There’s much more detail on their site here.

I’m interested for three reasons:

  1. Forward Partners might be able to use Mosaic score as part of our assessment of companies
  2. VCs might start using the Mosaic score as part of their evaluation when they look at our companies
  3. Forward Partners might be able to use the market component of the score to identify new market opportunities as they open up and use that for proactive deal sourcing

Having got that straight in my mind it’s clear we should sign up for a free trial and see what we can do.

The analysis looks thorough and I’m hopeful something will come out of it. Right now I can think of two reasons it might not work for us. Most importantly, I think the analysis is based on correlation not causation, and the score will stop being useful if companies deliberately manipulate some of the inputs (i.e. game the system). For example, the momentum score is partly based on the number of job openings at a company, which is easily manipulated. The second question I have is whether it will work well for the very young companies that we invest in, many of which are too small to have many momentum signals, are in markets that aren’t established enough to have sufficient volume of activity for CB Insight to track, and are too fledgling to have any financial strength.



More…

Comments No Comments »

Mattermark have released a product called Mosaic which gives private companies a score which predicts their likely future success. The score is derived from lots of data they pull from structured and unstructured sources on the web and then process through a heavy statistical analysis. They pulled data from as many sources as possible looked to see which pieces of it have correlated with startup success in the past and assumed that companies scoring highly on those elements will succeed in the future.

The score has three components, momentum, market, and money. That seems reasonable, although doesn’t give as much prominence to team and product as most VCs do when they talk about startups. I guess Mattermark would counter that team and product drive the momentum score.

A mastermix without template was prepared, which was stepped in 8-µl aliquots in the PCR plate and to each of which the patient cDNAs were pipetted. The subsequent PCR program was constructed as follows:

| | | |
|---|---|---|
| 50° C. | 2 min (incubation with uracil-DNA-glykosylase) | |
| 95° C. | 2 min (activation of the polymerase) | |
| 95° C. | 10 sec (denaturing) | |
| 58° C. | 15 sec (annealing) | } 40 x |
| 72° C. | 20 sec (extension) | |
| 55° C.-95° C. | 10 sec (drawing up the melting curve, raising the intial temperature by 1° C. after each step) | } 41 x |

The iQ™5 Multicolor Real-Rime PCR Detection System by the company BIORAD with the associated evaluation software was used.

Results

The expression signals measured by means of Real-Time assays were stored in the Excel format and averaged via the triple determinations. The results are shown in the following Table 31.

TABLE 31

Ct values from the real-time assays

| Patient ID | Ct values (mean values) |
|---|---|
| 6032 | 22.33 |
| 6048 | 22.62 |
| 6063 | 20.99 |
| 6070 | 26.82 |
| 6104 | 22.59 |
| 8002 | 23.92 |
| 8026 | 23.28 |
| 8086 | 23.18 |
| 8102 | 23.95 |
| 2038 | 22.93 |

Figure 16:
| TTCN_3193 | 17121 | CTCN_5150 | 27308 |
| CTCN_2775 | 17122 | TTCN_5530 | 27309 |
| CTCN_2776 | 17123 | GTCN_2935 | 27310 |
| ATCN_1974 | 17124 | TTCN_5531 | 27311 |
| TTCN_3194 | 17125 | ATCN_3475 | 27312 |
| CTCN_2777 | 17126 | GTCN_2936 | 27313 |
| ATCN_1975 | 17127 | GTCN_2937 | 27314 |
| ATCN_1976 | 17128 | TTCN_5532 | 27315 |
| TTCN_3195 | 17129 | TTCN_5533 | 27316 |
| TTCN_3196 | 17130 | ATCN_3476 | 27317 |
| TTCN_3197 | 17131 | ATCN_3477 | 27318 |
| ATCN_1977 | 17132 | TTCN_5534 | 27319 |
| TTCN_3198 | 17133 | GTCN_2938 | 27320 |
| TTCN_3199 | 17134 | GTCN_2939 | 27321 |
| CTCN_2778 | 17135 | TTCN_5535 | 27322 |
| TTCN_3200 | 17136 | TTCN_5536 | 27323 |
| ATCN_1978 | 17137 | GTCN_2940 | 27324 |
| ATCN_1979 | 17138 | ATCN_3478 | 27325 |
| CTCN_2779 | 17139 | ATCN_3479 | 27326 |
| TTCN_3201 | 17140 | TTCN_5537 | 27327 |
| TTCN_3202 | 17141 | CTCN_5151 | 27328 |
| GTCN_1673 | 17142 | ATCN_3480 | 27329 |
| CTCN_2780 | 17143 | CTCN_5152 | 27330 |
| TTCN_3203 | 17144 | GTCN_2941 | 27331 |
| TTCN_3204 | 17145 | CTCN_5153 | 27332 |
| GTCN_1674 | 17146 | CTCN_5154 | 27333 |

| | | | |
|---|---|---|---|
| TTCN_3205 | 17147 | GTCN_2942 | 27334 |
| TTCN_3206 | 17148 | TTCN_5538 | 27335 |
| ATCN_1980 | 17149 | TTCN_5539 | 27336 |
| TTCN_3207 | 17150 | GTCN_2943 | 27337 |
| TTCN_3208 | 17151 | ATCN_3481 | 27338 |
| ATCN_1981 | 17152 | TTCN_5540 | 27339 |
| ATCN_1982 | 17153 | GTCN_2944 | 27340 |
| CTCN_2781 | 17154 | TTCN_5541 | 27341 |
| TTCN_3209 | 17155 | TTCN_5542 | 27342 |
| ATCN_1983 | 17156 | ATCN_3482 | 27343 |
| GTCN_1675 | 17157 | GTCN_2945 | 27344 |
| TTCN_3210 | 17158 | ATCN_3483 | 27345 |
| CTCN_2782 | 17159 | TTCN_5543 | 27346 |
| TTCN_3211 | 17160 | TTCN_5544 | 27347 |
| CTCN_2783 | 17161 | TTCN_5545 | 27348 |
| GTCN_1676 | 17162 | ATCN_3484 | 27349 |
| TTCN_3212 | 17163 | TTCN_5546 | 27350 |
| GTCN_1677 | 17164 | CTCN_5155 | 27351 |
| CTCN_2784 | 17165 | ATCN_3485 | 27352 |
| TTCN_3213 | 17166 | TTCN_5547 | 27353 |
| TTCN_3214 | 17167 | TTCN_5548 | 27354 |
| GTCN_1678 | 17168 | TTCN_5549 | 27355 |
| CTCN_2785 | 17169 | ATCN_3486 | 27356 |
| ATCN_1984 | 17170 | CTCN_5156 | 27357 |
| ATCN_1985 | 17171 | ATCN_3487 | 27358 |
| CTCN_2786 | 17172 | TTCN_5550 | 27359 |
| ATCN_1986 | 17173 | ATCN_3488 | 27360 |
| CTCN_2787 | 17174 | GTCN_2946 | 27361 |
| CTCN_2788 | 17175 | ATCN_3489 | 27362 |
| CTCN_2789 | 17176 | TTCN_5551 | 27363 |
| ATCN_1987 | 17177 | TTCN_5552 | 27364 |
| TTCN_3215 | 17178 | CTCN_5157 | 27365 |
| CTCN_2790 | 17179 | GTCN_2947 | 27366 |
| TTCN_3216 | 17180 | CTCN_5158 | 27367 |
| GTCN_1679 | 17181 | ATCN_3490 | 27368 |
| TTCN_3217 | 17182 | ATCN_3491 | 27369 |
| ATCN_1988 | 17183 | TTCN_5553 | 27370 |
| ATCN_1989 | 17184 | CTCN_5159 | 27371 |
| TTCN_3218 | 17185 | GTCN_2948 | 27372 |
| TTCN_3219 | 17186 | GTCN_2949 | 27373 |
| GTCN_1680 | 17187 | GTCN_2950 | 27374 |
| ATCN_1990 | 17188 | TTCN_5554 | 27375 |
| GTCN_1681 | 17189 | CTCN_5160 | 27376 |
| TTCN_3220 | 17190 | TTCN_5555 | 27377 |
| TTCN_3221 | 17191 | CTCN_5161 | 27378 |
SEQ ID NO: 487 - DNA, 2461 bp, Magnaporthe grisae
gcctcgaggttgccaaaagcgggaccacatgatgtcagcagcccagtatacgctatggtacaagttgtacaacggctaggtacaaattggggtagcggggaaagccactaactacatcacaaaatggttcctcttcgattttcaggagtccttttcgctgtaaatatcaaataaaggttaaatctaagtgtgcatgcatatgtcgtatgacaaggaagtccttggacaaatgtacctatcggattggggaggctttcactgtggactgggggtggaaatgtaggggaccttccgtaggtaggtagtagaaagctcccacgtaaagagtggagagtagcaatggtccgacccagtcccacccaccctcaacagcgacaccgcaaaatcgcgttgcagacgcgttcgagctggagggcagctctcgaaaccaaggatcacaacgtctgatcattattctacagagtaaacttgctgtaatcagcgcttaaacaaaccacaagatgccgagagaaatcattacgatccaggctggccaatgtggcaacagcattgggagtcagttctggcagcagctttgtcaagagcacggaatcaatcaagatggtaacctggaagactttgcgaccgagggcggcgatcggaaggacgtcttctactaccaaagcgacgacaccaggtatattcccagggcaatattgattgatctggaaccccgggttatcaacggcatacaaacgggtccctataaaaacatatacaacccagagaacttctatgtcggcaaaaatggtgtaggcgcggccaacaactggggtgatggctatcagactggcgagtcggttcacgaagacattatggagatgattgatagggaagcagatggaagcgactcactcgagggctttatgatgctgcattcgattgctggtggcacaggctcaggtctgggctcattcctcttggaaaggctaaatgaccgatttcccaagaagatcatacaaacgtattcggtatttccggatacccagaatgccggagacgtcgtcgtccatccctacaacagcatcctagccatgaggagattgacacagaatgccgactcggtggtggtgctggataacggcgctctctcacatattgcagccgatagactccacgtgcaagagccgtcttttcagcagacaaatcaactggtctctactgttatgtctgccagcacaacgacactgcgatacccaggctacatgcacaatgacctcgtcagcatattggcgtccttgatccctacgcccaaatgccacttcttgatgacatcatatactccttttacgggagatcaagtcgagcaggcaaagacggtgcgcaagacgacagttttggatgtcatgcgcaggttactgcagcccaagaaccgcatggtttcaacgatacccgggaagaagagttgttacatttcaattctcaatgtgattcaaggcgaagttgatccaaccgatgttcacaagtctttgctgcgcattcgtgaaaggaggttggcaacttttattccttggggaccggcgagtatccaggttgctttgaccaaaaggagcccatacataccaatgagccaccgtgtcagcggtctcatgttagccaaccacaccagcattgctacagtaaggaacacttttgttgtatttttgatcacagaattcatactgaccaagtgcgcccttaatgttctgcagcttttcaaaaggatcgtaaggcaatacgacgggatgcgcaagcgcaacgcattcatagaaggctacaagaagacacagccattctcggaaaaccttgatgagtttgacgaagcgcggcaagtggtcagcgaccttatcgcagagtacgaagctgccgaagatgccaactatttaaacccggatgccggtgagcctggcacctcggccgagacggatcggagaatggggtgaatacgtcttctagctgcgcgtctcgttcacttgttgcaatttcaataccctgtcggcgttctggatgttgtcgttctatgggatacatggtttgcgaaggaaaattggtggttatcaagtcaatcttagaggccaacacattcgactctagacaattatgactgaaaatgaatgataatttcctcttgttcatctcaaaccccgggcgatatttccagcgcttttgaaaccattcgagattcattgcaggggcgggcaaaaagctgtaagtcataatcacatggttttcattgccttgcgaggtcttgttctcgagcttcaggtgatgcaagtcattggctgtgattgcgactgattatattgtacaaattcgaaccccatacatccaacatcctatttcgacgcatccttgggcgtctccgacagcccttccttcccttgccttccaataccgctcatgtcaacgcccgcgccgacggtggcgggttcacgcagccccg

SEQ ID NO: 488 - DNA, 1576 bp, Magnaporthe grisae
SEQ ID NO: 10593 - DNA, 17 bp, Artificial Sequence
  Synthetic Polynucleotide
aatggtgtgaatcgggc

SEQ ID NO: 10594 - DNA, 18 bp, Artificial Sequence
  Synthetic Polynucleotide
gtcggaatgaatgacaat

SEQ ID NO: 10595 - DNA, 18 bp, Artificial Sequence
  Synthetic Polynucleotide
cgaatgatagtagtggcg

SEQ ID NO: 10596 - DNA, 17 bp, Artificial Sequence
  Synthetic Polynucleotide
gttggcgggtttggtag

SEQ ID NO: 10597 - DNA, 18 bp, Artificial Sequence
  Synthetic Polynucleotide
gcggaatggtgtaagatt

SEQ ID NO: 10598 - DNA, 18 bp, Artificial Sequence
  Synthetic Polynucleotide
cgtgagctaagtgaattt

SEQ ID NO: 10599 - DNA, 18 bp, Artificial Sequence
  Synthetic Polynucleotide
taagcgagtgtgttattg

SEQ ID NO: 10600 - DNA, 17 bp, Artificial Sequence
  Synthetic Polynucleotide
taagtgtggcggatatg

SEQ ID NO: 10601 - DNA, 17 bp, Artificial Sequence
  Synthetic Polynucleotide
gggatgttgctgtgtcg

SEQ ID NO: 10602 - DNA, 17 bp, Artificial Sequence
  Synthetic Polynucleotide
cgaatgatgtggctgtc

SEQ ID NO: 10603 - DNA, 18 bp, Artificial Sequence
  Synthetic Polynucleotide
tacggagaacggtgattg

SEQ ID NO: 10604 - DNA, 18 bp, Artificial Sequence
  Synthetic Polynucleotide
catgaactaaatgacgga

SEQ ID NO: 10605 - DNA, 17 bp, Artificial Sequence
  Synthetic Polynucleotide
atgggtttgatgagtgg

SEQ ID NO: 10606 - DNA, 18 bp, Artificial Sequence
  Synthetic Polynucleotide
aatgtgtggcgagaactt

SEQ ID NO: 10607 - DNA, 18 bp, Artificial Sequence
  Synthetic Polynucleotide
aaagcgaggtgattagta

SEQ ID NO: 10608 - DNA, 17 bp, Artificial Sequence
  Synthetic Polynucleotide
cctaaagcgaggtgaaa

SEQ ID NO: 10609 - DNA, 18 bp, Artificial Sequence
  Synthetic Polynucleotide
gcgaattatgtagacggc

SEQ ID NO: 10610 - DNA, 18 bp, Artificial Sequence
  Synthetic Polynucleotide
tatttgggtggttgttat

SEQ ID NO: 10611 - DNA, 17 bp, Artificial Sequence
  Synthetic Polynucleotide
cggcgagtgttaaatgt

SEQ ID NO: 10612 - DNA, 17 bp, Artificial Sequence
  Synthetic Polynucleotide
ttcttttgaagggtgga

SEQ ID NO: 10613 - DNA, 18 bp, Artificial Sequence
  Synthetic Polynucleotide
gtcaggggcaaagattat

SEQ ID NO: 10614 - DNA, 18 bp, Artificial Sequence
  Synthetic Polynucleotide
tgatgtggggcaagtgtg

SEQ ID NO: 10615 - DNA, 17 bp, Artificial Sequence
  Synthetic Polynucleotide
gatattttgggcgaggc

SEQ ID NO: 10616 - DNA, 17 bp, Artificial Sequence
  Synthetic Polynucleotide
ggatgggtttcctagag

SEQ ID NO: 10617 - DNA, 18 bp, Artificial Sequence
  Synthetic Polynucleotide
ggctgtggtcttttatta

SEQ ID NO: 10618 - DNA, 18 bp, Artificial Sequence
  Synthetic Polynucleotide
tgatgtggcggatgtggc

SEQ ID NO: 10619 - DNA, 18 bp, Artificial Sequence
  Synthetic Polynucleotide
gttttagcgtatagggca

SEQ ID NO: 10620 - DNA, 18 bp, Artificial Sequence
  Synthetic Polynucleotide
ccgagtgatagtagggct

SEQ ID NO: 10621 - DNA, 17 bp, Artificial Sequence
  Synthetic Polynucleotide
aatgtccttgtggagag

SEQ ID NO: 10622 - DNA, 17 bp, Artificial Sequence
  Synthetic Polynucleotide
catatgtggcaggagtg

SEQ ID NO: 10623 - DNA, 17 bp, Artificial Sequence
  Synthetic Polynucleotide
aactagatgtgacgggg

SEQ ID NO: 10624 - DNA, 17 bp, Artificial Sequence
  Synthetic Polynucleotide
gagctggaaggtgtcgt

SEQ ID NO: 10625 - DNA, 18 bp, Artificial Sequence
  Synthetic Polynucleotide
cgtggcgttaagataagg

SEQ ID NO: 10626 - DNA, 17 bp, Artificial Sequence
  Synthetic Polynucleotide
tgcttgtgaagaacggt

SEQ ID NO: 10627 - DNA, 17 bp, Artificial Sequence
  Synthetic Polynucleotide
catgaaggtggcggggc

There’s much more detail on their site here.

I’m interested for three reasons:

  1. Forward Partners might be able to use Mosaic score as part of our assessment of companies
  2. VCs might start using the Mosaic score as part of their evaluation when they look at our companies
  3. Forward Partners might be able to use the market component of the score to identify new market opportunities as they open up and use that for proactive deal sourcing

Having got that straight in my mind it’s clear we should sign up for a free trial and see what we can do.

The analysis looks thorough and I’m hopeful something will come out of it. Right now I can think of two reasons it might not work for us. Most importantly, I think the analysis is based on correlation not causation, and the score will stop being useful if companies deliberately manipulate some of the inputs (i.e. game the system). For example, the momentum score is partly based on the number of job openings at a company, which is easily manipulated. The second question I have is whether it will work well for the very young companies that we invest in, many of which are too small to have many momentum signals, are in markets that aren’t established enough to have sufficient volume of activity for Mattermark to track, and are too fledgling to have any financial strength.



More…

Comments No Comments »

U.S. stocks declined on the last day of trade for August as investors eyed a recovery in oil and digested recent news out of China and the Fed.

More…

Comments No Comments »

Nearly a third of the roughly 50 million elderly Americans who depend on Medicare for their physician care and other health services could see their premiums jump by 52 percent or more next year. That’s because of a quirk in the law that punishes…

More…

Comments No Comments »

McDonald's has some good news for dairy farmers and bad news for the lactose intolerant. The chain is changing the way it cooks items with English muffins.

More…

Comments No Comments »

Back in 2001-02 Enron and WorldCom, two major U.S. companies, filed for bankruptcy within about seven months of each other. WorldCom’s bankruptcy was the largest in U.S. history at the time.
Interesting about all this is how the markets reacted to what were two rather consequential corporate implosions. Calmly, as it turns out. As Jim Glassman noted, between November 8, 2001 when Enron announced that its financial statements “should not be relied upon”, and June 25th (when WorldCom’s deceptions were made public), the Dow Jones Industrial Average dropped 3 percent.
All of the above should be…

More…

Comments No Comments »

The date for liftoff will matter tremendously, particularly if the central bank decides to move in a month that's likely to be a highly volatile one.

More…

Comments No Comments »